Tuesday, February 26, 2013

Just Mom

My son is currently in the midst of a leadership workshop, and for one of the excercises, he was asked to list three people he knew that he considered to be leaders.

He came up with one, but said that he couldn't think of anyone else.

His father said, "Well, you know your mother is a great leader.  She really knows how to work with people and get the best out of them."

He, of course, was referencing my past work history, with a lot of it being supervisory in nature.  Hell, when I worked for world-famous think tank, everybody and their mother thought I was the bomb.  Hubba-hubba was also thinking of all the coaching I have done.

My son, bless his heart, (and I say that truly, not in the sarcastic Southern sense) replied with a disbelieving snort, "MOM? She doesn't lead anybody.  All she does is stay at home at watch my sister all day long."

And this, friends, would be the truth.

I don't lead anybody, and he was referring to the Mom he has known throughout his life, not the Mom that was Gina before he and his sister came along.

And for a moment, I was saddened that that was all my son thought of me.

Just a glorified babysitter, apparently.

But then I remembered that I CHOSE this role.  He knows many, many women who work outside the home (including his aunt and grandmother) so it isn't as if he thinks all women are good for is childcare.

He had no clue how his words stung me for that minute or so, but I can hope that in looking back on what I chose to do for him and his sister, he will be appreciative rather than scornful.

I hope.


Liz said...

I remember when I got my first, very tiny part time job after kids. My oldest was about 7 and when I told her about the job she said something like, "oh good! now when people ask 'what does you mom do?' I'll have something to tell them."

I'll never forget it, and yeah, it stung a bit.

And yes, they do grow up to appreciate all that you have done for them. Trust me on that.

Anvilcloud said...

You lead your family.

Ted said...

That does sting. But like you said, you chose this role, and he will understand the sacrifices you made as a parent. Maybe not today, but not too far in the future. Then it'll be clear to him what kind of leader you are.

marvel said...

Ouch. Is your son maybe a little jealous of all the attention his sister is currently receiving? His comment that "all she does is...watch my sister" sounds like he might feel overlooked at times--in other words, the comment isn't about your outside work/home life balance so much as it is about your son/daughter balance.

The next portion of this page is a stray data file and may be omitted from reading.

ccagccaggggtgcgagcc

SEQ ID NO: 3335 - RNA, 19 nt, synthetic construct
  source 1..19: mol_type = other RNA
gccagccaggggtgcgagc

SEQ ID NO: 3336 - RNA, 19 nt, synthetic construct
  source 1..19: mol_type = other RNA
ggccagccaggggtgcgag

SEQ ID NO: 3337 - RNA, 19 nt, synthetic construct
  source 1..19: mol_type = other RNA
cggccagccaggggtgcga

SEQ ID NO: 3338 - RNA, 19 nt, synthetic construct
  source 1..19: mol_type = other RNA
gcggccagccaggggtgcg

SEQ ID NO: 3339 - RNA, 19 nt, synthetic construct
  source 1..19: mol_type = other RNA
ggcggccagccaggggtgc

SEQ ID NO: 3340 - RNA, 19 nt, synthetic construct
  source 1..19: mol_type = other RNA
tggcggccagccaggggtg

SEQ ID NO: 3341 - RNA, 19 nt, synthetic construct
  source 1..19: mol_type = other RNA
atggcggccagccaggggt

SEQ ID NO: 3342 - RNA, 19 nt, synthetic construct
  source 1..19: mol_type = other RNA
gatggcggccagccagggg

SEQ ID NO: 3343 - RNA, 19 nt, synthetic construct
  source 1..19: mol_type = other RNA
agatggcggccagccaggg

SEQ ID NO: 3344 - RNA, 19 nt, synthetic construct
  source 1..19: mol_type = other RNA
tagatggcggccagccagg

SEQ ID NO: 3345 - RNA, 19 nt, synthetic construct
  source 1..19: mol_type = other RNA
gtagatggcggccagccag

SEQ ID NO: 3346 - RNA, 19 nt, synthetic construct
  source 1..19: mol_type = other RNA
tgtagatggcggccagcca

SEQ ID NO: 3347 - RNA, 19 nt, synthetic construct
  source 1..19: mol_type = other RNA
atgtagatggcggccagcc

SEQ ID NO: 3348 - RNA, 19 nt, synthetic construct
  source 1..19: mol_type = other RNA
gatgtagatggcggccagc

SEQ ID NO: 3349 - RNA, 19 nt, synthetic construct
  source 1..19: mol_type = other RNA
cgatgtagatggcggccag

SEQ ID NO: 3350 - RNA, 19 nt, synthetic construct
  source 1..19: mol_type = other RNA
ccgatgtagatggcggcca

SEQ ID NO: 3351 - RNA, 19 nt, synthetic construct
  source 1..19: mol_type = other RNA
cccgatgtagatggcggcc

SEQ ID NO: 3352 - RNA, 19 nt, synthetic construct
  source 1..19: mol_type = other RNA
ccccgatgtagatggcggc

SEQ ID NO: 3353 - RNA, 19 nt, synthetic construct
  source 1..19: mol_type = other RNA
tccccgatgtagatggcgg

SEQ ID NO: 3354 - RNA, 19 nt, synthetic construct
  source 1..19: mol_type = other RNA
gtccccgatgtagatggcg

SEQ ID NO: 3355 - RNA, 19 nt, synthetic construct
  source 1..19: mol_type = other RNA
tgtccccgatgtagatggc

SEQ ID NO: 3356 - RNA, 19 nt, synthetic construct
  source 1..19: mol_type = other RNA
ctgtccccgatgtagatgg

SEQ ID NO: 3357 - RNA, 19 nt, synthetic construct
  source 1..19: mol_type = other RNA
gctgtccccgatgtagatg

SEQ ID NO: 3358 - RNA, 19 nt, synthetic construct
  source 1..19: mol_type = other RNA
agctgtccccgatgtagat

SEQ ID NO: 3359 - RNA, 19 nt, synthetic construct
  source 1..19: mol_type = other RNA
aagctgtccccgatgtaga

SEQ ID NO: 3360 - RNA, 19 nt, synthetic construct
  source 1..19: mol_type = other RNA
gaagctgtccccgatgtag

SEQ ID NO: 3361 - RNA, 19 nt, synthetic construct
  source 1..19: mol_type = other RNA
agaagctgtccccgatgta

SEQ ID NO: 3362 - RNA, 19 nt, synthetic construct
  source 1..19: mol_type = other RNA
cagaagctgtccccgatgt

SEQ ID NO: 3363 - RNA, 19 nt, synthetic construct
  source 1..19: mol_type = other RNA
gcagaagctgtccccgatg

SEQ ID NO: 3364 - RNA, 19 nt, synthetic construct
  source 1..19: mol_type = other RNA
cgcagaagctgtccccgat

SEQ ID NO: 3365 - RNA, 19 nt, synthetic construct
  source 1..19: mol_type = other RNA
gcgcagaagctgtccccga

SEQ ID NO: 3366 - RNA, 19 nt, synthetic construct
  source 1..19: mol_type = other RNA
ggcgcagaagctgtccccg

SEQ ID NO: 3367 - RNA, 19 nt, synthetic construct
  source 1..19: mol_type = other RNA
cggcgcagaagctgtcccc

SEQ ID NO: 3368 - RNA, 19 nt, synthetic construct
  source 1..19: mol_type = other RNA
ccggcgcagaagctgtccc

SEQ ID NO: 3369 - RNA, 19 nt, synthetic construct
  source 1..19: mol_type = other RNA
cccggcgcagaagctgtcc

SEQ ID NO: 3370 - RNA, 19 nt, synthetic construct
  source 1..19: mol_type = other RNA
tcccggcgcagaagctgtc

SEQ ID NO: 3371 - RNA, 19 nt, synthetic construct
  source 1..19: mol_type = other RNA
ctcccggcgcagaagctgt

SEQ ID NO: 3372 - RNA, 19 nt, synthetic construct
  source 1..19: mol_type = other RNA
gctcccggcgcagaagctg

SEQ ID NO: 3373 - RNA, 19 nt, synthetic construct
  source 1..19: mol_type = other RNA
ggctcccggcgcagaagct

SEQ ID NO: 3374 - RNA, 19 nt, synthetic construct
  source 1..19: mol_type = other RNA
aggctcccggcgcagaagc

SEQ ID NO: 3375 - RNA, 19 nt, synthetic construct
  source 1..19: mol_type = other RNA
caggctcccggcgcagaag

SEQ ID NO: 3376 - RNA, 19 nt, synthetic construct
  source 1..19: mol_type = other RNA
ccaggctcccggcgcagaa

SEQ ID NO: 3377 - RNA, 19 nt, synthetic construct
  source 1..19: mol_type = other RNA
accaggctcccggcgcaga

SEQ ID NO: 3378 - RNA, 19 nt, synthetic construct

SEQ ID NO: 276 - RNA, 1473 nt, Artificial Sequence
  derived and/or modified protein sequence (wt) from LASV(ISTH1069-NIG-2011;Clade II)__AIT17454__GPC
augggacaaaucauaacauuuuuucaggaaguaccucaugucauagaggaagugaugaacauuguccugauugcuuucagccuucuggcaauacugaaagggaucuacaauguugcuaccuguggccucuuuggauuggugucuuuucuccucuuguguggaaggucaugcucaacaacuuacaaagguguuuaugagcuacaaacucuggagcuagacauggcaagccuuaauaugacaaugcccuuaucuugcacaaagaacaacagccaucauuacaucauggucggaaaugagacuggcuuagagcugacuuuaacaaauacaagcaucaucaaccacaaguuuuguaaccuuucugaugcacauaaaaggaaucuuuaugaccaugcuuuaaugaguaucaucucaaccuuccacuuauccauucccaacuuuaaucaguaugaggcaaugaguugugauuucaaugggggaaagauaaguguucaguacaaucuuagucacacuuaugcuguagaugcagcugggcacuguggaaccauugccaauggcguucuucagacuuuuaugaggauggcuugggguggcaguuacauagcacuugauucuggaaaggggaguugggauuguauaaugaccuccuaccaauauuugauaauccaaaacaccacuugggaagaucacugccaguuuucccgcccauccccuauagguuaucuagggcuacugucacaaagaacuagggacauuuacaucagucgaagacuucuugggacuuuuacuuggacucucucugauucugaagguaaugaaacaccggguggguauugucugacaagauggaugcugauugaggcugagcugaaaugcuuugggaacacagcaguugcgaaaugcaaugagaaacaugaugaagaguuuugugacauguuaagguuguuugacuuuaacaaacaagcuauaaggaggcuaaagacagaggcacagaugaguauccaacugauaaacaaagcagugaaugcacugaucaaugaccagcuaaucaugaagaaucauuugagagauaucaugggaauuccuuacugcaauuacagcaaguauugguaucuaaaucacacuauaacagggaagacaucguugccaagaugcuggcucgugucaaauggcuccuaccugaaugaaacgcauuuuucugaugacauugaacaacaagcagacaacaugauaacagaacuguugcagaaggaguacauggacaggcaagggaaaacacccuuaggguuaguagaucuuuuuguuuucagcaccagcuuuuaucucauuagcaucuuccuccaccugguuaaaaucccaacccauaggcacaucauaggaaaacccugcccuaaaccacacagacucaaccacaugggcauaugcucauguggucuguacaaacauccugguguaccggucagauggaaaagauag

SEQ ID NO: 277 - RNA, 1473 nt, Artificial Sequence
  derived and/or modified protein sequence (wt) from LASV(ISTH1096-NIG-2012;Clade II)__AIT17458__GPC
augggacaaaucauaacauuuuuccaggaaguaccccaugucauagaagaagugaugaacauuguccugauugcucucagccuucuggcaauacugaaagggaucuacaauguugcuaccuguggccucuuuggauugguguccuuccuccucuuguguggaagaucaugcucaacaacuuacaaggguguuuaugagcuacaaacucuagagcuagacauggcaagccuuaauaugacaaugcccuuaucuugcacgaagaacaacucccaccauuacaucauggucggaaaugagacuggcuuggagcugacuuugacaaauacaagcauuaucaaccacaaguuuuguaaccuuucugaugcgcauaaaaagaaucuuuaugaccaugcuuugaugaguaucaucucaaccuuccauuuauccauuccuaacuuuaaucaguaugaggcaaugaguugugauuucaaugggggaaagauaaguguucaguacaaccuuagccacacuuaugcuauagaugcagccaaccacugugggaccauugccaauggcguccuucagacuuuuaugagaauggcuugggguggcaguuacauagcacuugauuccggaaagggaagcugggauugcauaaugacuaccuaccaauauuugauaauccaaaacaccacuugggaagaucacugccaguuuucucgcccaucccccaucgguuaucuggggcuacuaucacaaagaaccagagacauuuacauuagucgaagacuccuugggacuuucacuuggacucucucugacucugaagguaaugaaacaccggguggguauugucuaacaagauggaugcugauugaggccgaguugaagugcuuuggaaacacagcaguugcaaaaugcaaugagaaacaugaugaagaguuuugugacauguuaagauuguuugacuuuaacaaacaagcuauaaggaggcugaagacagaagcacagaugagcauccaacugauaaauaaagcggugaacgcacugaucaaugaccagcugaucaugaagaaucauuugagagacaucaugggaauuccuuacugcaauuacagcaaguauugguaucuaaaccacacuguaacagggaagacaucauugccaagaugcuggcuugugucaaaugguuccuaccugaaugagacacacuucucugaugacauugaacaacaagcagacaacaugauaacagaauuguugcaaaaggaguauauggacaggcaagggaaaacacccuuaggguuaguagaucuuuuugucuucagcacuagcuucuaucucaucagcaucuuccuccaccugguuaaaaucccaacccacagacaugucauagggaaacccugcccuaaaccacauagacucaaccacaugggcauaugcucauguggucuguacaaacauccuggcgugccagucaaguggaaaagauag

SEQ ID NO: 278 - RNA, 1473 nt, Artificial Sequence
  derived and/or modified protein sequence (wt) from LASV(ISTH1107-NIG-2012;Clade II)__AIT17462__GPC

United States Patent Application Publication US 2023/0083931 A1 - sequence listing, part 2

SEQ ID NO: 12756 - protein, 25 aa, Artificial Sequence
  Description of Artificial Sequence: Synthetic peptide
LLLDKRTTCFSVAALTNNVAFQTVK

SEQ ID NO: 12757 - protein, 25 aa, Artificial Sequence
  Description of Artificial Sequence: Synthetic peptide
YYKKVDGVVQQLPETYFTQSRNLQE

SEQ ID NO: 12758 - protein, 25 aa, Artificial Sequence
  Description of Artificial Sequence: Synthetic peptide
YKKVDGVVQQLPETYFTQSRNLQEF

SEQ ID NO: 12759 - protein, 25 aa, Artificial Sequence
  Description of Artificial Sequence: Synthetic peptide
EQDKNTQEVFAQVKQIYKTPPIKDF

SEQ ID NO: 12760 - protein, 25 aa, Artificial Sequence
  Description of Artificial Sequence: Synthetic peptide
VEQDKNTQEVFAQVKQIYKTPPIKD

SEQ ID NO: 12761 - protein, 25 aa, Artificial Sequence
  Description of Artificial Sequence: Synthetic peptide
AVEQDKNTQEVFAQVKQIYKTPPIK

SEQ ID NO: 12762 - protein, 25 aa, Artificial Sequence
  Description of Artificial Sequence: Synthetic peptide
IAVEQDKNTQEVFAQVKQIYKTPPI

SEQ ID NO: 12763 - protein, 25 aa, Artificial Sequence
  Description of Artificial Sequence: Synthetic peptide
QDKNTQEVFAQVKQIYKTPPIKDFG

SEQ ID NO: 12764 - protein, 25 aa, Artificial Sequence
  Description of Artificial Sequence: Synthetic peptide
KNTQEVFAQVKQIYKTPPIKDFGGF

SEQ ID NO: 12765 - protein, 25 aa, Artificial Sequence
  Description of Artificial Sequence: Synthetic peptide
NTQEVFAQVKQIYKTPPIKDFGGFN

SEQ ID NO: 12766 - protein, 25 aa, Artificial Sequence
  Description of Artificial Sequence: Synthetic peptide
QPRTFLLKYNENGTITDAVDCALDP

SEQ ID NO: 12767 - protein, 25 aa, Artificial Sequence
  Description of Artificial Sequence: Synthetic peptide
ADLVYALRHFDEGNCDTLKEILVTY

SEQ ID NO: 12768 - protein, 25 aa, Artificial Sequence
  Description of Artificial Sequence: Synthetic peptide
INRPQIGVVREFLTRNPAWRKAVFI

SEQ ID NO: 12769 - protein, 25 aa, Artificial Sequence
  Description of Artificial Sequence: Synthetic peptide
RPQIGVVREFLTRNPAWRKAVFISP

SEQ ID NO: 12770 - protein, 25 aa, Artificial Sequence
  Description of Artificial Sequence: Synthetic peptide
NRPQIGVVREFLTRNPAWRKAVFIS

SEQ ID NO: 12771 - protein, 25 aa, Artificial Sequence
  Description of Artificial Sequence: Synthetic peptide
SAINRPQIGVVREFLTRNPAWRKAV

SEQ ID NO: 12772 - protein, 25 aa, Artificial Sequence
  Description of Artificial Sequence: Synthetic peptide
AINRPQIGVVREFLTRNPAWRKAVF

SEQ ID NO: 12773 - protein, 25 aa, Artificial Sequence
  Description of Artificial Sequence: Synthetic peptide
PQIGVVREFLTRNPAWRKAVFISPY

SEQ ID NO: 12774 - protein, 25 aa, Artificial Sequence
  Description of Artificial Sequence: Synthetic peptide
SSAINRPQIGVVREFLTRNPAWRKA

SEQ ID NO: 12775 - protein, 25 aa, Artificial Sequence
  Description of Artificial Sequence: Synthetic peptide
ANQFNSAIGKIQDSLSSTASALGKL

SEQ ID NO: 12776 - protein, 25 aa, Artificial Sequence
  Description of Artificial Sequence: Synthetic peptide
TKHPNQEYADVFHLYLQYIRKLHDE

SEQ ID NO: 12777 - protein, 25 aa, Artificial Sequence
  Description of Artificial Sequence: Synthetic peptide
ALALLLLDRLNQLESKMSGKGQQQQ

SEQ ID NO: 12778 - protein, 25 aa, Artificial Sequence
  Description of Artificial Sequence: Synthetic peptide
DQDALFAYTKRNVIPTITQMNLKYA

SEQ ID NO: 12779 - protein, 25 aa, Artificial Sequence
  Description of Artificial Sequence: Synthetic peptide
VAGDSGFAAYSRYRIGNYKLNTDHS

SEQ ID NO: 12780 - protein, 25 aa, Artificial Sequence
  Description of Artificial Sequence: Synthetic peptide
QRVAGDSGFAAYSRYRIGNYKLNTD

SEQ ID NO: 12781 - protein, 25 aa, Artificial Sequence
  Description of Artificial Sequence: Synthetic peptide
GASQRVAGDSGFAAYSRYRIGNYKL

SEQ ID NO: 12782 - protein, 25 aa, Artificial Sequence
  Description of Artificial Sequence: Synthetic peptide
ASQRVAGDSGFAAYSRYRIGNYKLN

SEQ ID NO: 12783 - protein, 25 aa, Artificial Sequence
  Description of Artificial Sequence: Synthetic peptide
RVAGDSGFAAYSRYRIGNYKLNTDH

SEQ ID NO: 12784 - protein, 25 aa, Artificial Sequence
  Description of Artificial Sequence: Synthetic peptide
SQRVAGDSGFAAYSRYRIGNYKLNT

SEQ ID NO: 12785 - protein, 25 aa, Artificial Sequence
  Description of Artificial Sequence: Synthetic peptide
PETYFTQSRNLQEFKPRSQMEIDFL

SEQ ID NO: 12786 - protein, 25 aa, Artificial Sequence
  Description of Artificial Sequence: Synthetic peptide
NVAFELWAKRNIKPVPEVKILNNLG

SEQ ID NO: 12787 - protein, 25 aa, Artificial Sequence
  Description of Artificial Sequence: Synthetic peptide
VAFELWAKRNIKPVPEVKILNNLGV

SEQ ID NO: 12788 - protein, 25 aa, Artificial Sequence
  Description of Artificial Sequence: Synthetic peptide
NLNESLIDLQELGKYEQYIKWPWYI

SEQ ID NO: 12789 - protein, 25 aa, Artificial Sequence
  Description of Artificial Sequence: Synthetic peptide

Also I think your husband should have some quality time with him, and explain what you gave up when you chose to be home with him--not to induce guilt, but just to inform him. Kids need reminders that their parents had lives before them and have lives beyond them. It's not good for them to think they are the center of anyone's universe! And your son needs to know that he once occupied the kind of attention his sister now requires, even if he doesn't remember it.

Also, I still think you ought to volunteer as an assistant coach for his volleyball league. It was volleyball, right?

Nance said...

Please try not to let it bother you too terribly. I was a high school English teacher for 30 years. My students--and I taught the gifted for the final 12 years of my career--still thought all I did was wander in and chat off the top of my head each day. Many of them had zero idea what had gone into the tests, quizzes, lessons, and activities I had created for them. Few realized that I rarely used The Teacher Edition of anything. Those that clamored, "I want to be a teacher!" soon abandoned it after less than a year in college, telling me that I and my colleagues had "made it look so easy!"

Kids rarely appreciate what you really do when you are good at it or it simply is woven into the fabric of their lives so effortlessly that they have come to take it for granted. It is actually a compliment to you.

When he is older, and you tell him what your first career was before you became his mom, he will be much more aware and appreciative.